Mounting a defense against outsourcing
Hi and welcome to my blog “Management Counts.”
I’d like to begin by telling you a little about myself. I graduated from University of Texas-Austin with a degree in Business and experience as a commercial photographer in a recession almost as bad as the one we’re in now. All the jobs for new grads were gone, so I ended up back in Austin as the official photographer for the City of Austin.
Not long after I took the job, the print shop manager did a "take-this-job" thing, and the city was left without a print shop manager. I had a degree, so I got the job. The fact that I knew nothing about printing was irrelevant. Funny, but it turns out that my story is not unusual. The number of print shop managers with formal training in printing, at least in my experience, is small. But I digress.
Not long after I took over the print shop, a city councilman’s relative bought a press—a 25˝ Chief, or something like that—and opened a commercial shop. The council member started pressuring the city manager to send his relative all of the city’s print work because he could do it cheaper.
I had to develop a response to the proposal and explain, with my limited experience, why it was a bad idea. That was my first outsourcing battle, and I’ve been fighting them ever since.
I fought outsourcing in Texas in the mid 1980s, when Printing Industries of America, through its Texas affiliates, started lobbying the legislature to shut down all of the state in-plants and outsource work to commercial printers because we were "too expensive and inefficient." [A lot of people don’t know it, but PIA, to this day, actively supports the closing of government in-plant shops, and that includes state colleges and universities.]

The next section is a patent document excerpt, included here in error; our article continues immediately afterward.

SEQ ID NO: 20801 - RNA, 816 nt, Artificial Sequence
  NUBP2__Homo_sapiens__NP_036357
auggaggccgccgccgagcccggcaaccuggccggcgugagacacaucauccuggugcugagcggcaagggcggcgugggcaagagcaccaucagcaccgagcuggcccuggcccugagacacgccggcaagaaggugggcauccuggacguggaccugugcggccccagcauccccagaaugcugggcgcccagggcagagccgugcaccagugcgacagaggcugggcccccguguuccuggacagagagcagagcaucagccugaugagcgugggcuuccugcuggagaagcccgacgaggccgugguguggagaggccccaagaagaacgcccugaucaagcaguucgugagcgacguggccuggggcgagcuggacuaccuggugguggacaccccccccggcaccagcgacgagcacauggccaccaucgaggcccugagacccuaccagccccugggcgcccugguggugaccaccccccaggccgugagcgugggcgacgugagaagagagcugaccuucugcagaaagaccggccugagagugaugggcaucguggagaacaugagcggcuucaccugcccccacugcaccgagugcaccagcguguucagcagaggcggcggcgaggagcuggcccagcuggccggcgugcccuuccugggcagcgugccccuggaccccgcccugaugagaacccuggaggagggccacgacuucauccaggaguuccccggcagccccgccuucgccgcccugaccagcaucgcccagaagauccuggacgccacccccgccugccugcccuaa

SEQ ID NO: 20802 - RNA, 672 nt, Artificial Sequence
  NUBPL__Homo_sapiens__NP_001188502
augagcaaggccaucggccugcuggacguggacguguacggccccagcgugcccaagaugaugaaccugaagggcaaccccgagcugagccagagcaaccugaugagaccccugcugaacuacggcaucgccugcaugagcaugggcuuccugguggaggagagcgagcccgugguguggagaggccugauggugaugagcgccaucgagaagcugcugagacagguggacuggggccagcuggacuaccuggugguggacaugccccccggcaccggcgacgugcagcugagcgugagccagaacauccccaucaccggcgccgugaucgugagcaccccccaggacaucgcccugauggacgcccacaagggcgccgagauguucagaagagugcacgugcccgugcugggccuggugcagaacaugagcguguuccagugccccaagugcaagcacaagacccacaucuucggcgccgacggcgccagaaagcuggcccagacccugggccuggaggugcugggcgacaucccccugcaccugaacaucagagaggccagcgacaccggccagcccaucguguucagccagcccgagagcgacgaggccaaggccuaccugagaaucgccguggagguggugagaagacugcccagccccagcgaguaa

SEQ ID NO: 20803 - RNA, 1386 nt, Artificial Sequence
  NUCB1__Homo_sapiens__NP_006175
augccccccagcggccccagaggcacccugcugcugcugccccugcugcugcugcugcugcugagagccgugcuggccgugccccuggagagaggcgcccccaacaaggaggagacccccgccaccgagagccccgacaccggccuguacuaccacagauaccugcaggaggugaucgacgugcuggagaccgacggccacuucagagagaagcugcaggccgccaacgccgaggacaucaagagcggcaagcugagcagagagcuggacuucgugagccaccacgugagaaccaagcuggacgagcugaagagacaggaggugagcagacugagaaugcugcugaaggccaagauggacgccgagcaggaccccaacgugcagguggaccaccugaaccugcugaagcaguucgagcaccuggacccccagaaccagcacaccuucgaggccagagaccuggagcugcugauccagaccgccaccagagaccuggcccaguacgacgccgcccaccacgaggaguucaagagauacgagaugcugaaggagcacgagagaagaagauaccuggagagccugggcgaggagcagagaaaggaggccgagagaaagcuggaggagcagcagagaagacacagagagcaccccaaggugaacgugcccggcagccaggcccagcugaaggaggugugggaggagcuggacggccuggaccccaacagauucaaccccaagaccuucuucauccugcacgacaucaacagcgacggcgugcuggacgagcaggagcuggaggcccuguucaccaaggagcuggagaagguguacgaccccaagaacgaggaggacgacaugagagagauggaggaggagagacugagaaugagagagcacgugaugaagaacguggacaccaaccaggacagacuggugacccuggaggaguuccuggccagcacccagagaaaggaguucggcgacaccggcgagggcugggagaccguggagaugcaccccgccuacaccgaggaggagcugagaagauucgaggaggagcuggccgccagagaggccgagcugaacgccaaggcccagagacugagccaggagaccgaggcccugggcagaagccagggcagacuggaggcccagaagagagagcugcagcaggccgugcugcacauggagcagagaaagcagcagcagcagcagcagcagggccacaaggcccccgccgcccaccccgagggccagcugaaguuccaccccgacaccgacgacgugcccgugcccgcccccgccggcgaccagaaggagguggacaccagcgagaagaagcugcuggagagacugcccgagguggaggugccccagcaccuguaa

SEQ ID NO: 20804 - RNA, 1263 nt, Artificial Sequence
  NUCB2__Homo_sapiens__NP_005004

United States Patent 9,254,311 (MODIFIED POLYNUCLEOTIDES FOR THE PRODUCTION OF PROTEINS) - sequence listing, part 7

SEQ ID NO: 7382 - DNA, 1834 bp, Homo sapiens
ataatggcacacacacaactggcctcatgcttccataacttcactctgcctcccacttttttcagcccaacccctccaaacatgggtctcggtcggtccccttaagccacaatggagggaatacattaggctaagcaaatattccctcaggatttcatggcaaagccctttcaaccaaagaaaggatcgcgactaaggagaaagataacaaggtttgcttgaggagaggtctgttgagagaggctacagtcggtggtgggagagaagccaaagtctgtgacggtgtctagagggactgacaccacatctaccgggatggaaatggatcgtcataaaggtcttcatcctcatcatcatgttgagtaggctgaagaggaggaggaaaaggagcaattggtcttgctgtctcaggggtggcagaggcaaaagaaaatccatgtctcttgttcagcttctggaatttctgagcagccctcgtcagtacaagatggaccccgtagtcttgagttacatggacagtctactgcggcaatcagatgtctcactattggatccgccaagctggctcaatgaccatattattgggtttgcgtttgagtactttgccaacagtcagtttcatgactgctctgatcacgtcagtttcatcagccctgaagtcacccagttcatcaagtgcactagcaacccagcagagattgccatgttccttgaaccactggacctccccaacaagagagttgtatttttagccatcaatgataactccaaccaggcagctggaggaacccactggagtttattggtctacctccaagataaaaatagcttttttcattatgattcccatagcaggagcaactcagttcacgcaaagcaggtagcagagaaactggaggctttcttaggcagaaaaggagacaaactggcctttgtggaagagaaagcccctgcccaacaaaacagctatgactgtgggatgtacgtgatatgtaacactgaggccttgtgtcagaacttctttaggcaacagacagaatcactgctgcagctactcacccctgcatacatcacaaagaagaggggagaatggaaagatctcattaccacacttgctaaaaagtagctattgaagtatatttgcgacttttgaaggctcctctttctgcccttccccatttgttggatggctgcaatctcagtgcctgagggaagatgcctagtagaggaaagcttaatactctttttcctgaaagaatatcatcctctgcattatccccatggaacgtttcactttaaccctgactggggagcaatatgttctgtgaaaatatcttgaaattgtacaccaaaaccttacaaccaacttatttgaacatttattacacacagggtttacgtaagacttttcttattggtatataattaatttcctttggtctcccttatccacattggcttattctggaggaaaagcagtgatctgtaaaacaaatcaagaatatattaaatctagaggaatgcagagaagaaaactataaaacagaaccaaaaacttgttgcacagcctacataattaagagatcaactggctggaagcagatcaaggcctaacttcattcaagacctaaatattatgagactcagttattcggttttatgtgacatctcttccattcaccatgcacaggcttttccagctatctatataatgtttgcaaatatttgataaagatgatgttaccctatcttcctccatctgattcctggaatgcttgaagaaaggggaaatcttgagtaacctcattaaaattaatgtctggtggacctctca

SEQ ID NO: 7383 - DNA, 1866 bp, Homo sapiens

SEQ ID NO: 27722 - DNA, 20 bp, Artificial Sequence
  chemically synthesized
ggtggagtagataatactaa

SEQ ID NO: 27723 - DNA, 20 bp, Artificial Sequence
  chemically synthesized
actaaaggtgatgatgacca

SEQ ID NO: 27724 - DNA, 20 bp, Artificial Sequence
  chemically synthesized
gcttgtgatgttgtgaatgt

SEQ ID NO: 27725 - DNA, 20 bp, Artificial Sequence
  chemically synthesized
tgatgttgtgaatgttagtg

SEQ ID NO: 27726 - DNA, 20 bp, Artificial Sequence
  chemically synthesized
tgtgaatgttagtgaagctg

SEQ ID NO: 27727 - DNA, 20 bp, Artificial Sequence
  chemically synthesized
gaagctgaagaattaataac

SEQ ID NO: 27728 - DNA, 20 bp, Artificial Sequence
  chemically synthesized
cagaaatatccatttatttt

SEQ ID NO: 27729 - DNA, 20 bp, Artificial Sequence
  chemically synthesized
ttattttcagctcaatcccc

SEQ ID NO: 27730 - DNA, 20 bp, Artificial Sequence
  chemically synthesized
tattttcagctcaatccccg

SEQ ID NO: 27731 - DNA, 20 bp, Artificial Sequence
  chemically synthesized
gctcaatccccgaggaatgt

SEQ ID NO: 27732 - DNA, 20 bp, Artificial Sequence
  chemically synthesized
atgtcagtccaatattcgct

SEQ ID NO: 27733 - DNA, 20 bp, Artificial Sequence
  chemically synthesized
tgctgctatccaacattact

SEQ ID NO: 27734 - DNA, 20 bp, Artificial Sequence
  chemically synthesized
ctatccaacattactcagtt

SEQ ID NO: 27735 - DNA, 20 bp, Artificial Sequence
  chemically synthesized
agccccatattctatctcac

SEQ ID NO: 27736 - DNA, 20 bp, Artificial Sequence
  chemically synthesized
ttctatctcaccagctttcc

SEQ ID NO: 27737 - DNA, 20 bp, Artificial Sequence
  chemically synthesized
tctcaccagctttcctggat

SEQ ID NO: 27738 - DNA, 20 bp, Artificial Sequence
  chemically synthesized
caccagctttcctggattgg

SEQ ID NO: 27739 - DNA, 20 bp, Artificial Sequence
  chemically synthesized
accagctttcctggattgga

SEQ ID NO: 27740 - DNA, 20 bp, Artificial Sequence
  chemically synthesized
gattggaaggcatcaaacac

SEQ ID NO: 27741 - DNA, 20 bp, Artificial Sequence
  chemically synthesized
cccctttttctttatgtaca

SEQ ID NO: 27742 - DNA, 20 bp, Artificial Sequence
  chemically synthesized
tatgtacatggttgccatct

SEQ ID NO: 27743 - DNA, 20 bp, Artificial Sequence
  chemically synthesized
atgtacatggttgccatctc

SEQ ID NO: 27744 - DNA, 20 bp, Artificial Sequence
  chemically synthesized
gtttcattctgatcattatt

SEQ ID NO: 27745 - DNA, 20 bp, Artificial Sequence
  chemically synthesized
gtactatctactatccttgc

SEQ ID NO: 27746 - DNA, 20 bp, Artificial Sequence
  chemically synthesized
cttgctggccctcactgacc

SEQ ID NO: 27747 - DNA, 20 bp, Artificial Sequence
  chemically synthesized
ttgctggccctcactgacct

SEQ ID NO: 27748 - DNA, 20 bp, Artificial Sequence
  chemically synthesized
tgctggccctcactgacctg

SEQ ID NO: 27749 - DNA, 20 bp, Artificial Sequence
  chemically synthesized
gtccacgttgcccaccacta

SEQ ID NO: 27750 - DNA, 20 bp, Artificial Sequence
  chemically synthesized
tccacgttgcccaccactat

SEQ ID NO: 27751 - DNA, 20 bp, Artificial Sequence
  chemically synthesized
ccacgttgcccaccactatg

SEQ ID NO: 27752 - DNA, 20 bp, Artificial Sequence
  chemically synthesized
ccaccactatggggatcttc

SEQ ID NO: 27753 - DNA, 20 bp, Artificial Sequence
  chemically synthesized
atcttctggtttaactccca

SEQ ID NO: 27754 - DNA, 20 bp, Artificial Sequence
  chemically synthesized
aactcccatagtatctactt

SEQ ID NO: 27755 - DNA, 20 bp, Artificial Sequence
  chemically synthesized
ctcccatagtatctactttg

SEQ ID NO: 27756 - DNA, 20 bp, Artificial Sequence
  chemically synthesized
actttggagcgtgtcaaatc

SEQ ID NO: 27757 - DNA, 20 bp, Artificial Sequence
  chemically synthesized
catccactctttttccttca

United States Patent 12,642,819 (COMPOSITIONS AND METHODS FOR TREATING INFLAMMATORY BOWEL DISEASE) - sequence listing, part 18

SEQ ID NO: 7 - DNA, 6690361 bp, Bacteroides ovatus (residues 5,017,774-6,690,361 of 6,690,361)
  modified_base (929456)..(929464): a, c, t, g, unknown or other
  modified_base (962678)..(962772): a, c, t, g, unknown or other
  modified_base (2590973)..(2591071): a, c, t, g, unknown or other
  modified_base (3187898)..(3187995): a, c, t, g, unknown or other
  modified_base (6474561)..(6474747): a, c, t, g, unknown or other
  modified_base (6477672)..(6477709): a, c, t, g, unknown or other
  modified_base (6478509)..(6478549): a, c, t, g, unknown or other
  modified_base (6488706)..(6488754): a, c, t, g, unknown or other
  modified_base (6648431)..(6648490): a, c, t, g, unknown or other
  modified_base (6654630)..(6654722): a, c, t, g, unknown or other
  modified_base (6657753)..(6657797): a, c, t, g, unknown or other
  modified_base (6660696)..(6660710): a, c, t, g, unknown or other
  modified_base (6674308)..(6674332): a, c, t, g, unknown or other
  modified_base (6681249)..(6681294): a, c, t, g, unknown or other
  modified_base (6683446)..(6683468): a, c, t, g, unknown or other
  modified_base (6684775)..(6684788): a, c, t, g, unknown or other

I fought in Iowa when a small but vocal group of commercial printers who happened to be alumni of the university where I worked argued that the university owed them its printing business. Never mind that they cost more and did crappy work.
I fought in Kentucky when a substantial number of university administrators thought that the university did not belong in the “printing business.”
Now it’s 30 years later and I’m still fighting the outsourcing battle. A few years ago, after serving as a Vice President and CIO at a liberal arts college in Pennsylvania, I decided to go back to school and work on my doctorate, so now I’m a doctoral student in Higher Ed Administration at Penn State. My research area is outsourcing, and my dissertation topic deals with the decision-making process used when college administrators outsource an internal service. I also do printing management assessments as an independent consultant. What I’m seeing is that organizations often outsource support services because they don’t understand what the services do and why they may be important. This appears to be true for businesses as well as government agencies and universities.
Which brings us to the purpose of this blog. "Management Counts" is about management strategies and tools to hopefully give you an edge when you defend your shop. I’ll tell you about things I’ve seen and learned in my experience as an in-plant manager, and things I’ve learned from the dozens of organizations that I’ve worked with. I hope you’ll do the same.
Ray Chambers, CGCM, MBA, has invested over 30 years managing and directing printing plants, copy centers, mail centers and award-winning document management facilities in higher education and government.
Most recently, Chambers served as vice president and chief information officer at Juniata College. Chambers is currently a doctoral candidate studying Higher Education Administration at the Pennsylvania State University (PSU). His research interests include outsourcing in higher education and its impact on support services in higher education and managing support services. He also consults (Chambers Management Group) with leaders in both the public and private sectors to help them understand and improve in-plant printing and document services operations.